THEY ALL COME OUT
(director: Jacques Tourneur; screenwriter: story & screenplay by John C. Higgins; cinematographers: Paul Vogel/Clyde DeVinna; editor: Ralph E. Goldstein; music: Edward Ward/David Snell; cast: Rita Johnson (Kitty Carson), Tom Neal (Joe Z. Cameron), Bernard Nedell (“Reno,” Clyde Madigan), Eddie Gargan (“Bugs,”George Jacklin), John Gallauder (“Groper,” Albert Crane), George Tobias (“Sloppy Joe”), Frank M. Thomas (Supt. at Chillicothe), Addison Richards (Atlanta Warden), Anne Shoemaker (Dr. Ellen Hollis), Raymond Bailey (Huey), Paul Fix (Vonnie), Marguerita Padula (Anna), Fay Helm (Mamie (Jacklin), Elliott Sullivan (Sheriff), Wally Maher (Jackson), Charles Lane (Psychiatrist), Homer S. Cummings (Self, Former U.S. Attorney General), James V. Bennett (Self, Director of Federal Bureau of Prisons); Runtime: 70; MPAA Rating: NR; producer; Jack Chertock: MGM; 1939-B/W)
“Effectively uses documentary techniques to tell a feel-good fictional story.”
Reviewed by Dennis Schwartz
The great director Jacques Tourneur (“Wichita”/”Out of the Past”) was born in Paris but in 1913 he came to America as a child of 7. In this low-budget B-film crime drama, Tourneur’s first American film, he effectively uses documentary techniques to tell a feel-good fictional story. The point of the film is that all the prisoners come out of prison and the penal system must try and rehabilitate them so they will go straight when released. This theme is said in the film’s beginning and end by Homer S. Cummings, the former U.S. Attorney General and by James V. Bennett, the Director of Federal Bureau of Prisons.
It follows a gang of bank robbers led by the hardened career criminal leader Reno (Bernard Nedell). Members of the gang are the soft in the head Bugs (Eddie Gargan), the delusional wacko gunman Groper (John Gallauder) and the young lady who cases the banks, Kitty (Rita Johnson).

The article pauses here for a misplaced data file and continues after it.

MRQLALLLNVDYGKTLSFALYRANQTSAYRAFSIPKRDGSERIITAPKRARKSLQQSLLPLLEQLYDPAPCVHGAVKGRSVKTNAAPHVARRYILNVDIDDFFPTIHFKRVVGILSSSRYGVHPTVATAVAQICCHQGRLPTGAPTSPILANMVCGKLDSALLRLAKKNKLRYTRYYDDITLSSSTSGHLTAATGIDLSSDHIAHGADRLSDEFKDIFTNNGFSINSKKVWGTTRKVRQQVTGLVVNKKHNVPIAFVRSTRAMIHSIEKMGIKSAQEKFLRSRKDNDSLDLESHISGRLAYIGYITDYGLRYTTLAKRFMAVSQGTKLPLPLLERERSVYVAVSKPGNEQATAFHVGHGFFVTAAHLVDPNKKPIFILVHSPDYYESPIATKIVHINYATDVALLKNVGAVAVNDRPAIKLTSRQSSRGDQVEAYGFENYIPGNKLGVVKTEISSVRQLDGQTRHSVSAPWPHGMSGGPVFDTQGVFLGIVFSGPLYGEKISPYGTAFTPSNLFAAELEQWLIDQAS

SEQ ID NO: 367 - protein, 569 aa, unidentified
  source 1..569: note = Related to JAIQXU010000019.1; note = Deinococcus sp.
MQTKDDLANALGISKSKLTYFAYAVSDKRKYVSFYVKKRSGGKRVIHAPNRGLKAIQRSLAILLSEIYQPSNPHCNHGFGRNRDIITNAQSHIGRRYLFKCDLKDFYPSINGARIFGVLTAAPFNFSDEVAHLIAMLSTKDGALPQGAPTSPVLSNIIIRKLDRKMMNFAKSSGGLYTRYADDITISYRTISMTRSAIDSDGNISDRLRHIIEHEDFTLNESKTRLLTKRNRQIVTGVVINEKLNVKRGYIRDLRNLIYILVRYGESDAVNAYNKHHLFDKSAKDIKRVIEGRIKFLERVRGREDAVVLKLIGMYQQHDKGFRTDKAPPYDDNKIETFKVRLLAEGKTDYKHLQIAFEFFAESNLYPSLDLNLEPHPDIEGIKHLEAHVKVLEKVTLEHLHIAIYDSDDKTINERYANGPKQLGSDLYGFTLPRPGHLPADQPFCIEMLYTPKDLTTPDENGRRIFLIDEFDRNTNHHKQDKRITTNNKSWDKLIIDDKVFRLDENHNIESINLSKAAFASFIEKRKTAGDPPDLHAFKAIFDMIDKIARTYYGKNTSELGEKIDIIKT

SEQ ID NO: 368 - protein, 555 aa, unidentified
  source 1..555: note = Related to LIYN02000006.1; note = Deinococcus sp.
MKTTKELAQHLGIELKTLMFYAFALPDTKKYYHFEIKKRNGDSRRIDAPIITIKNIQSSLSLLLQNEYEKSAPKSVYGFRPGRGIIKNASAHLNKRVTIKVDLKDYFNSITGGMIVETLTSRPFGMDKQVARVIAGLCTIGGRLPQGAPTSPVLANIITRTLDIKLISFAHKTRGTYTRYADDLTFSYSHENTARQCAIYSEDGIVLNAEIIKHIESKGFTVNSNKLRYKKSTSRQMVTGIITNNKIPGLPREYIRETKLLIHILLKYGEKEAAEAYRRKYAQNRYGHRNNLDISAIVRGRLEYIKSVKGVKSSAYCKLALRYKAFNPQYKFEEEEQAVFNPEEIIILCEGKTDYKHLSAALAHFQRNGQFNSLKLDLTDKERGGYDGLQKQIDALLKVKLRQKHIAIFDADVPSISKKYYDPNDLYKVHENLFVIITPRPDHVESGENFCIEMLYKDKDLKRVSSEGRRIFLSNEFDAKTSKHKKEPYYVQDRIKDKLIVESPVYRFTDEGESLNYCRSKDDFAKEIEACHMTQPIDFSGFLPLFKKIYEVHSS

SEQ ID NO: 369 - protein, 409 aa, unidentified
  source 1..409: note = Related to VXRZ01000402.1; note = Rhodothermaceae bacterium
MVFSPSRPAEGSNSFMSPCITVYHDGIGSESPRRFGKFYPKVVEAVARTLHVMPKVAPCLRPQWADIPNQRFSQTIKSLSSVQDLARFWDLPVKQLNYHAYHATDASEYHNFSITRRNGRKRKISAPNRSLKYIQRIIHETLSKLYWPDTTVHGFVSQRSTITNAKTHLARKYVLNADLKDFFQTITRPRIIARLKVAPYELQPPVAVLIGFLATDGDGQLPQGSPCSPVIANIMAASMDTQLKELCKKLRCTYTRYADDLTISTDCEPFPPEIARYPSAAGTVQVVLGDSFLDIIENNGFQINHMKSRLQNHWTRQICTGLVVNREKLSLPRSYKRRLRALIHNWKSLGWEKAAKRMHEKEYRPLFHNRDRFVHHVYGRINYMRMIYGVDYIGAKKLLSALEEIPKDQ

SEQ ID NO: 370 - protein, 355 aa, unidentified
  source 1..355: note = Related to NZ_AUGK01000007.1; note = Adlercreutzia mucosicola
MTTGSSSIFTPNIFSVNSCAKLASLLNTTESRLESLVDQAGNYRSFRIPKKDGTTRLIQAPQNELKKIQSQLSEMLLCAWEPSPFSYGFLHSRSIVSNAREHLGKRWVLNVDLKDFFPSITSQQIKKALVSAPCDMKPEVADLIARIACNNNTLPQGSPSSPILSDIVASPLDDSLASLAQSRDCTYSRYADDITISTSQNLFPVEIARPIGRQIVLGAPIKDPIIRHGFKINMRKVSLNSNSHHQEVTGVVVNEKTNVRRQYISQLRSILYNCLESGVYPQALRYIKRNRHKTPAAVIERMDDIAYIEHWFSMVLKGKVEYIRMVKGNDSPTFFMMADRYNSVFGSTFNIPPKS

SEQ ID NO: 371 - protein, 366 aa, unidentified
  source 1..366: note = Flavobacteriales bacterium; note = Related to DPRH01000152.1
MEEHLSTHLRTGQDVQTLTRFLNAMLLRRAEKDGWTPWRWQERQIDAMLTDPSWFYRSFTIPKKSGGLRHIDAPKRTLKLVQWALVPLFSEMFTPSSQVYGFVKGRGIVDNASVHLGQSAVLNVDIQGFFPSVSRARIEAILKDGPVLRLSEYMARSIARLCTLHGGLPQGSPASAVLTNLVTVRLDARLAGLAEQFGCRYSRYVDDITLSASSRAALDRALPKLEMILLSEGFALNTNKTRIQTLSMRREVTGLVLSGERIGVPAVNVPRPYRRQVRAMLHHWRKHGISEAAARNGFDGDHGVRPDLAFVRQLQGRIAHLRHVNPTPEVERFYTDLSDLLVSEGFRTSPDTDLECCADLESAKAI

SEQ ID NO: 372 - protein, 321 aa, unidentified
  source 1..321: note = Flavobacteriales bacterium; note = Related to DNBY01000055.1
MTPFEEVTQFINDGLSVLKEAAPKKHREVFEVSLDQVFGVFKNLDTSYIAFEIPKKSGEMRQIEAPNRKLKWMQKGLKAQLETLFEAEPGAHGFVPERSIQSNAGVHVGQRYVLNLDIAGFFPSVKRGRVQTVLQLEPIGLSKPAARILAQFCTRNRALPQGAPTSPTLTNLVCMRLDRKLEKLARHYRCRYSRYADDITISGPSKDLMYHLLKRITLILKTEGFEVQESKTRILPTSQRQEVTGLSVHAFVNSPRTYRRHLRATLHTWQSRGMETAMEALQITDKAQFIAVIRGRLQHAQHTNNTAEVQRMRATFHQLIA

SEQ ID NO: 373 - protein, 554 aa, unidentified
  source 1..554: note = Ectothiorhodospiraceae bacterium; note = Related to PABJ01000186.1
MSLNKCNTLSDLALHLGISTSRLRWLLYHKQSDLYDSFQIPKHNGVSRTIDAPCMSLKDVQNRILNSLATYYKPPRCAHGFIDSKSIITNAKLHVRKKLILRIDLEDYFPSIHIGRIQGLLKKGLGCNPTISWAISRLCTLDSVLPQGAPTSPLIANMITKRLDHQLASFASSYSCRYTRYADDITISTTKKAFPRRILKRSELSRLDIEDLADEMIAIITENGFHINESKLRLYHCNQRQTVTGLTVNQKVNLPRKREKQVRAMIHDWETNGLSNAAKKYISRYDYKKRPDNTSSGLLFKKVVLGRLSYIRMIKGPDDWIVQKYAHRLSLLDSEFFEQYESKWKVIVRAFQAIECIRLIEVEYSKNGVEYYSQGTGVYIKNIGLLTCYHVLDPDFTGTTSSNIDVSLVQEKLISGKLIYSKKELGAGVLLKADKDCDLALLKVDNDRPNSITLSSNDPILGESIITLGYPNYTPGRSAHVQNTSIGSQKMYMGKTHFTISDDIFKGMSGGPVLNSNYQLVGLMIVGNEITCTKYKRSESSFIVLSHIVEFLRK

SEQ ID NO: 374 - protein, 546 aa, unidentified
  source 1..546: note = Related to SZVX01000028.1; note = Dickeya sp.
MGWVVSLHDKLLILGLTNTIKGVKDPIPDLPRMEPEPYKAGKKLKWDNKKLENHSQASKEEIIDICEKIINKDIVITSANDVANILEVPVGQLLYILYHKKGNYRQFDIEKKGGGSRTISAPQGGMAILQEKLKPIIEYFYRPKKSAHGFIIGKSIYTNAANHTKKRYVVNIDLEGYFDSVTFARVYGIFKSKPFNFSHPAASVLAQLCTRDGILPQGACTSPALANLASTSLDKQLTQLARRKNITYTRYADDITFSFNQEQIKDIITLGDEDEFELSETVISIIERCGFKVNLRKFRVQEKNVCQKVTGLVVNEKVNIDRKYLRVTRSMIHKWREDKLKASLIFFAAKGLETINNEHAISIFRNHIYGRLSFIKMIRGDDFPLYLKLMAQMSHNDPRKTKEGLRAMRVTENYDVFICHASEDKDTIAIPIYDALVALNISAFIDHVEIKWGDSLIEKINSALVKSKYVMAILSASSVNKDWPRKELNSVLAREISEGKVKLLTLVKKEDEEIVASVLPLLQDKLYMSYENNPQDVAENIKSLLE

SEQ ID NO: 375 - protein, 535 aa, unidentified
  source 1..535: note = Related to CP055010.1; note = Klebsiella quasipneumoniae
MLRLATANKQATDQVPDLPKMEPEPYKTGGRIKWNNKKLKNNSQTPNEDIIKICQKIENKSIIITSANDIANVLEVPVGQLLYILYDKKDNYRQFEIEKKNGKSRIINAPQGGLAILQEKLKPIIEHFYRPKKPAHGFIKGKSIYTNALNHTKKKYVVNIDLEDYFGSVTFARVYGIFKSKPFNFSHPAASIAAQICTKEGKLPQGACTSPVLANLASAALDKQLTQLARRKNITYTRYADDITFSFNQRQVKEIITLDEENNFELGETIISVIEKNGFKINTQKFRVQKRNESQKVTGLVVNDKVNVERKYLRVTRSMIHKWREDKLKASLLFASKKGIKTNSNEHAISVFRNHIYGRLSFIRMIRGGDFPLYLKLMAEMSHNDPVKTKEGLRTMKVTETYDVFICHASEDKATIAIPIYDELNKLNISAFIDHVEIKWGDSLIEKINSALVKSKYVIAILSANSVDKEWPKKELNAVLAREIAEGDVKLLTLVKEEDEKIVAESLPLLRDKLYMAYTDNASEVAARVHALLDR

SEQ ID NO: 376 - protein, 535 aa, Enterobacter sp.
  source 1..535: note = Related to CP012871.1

In Birmingham, Alabama, Kitty buys a meal at a diner for a penniless and embittered hobo, Joe Z. Cameron (Tom Neal), and then recruits him as a getaway driver for her gang of bank robbers. Things go fine until in one robbery in Alabama, the police nab them in a shoot-out, but Reno hides the $33, 000 stolen from the bank before arrested.
Kitty also gets arrested when turned in by the doctor who treats her gunshot wound got during the shootout. By now Joe and Kitty are sweet on each other, and write to each other making plans to be together after their short sentences in prison.
Reno, who got 20 years, tries escaping and is sent to Alcatraz. He thinks Joe, now paroled as a welder in Cleveland, stole the stolen money and sends gunman Vonnie (Paul Fix) after him. Kitty meanwhile works in a beauty salon in Cincinnati thanks to learning the trade in prison.
The film takes us into real prisons, but the story strains to fit in its positive message of prisoners being reformed by a benevolent prison system–something not seen in modern-times (and if tried, I believe would have little chance of working or being funded).
REVIEWED ON 2/13/2022 GRADE: B-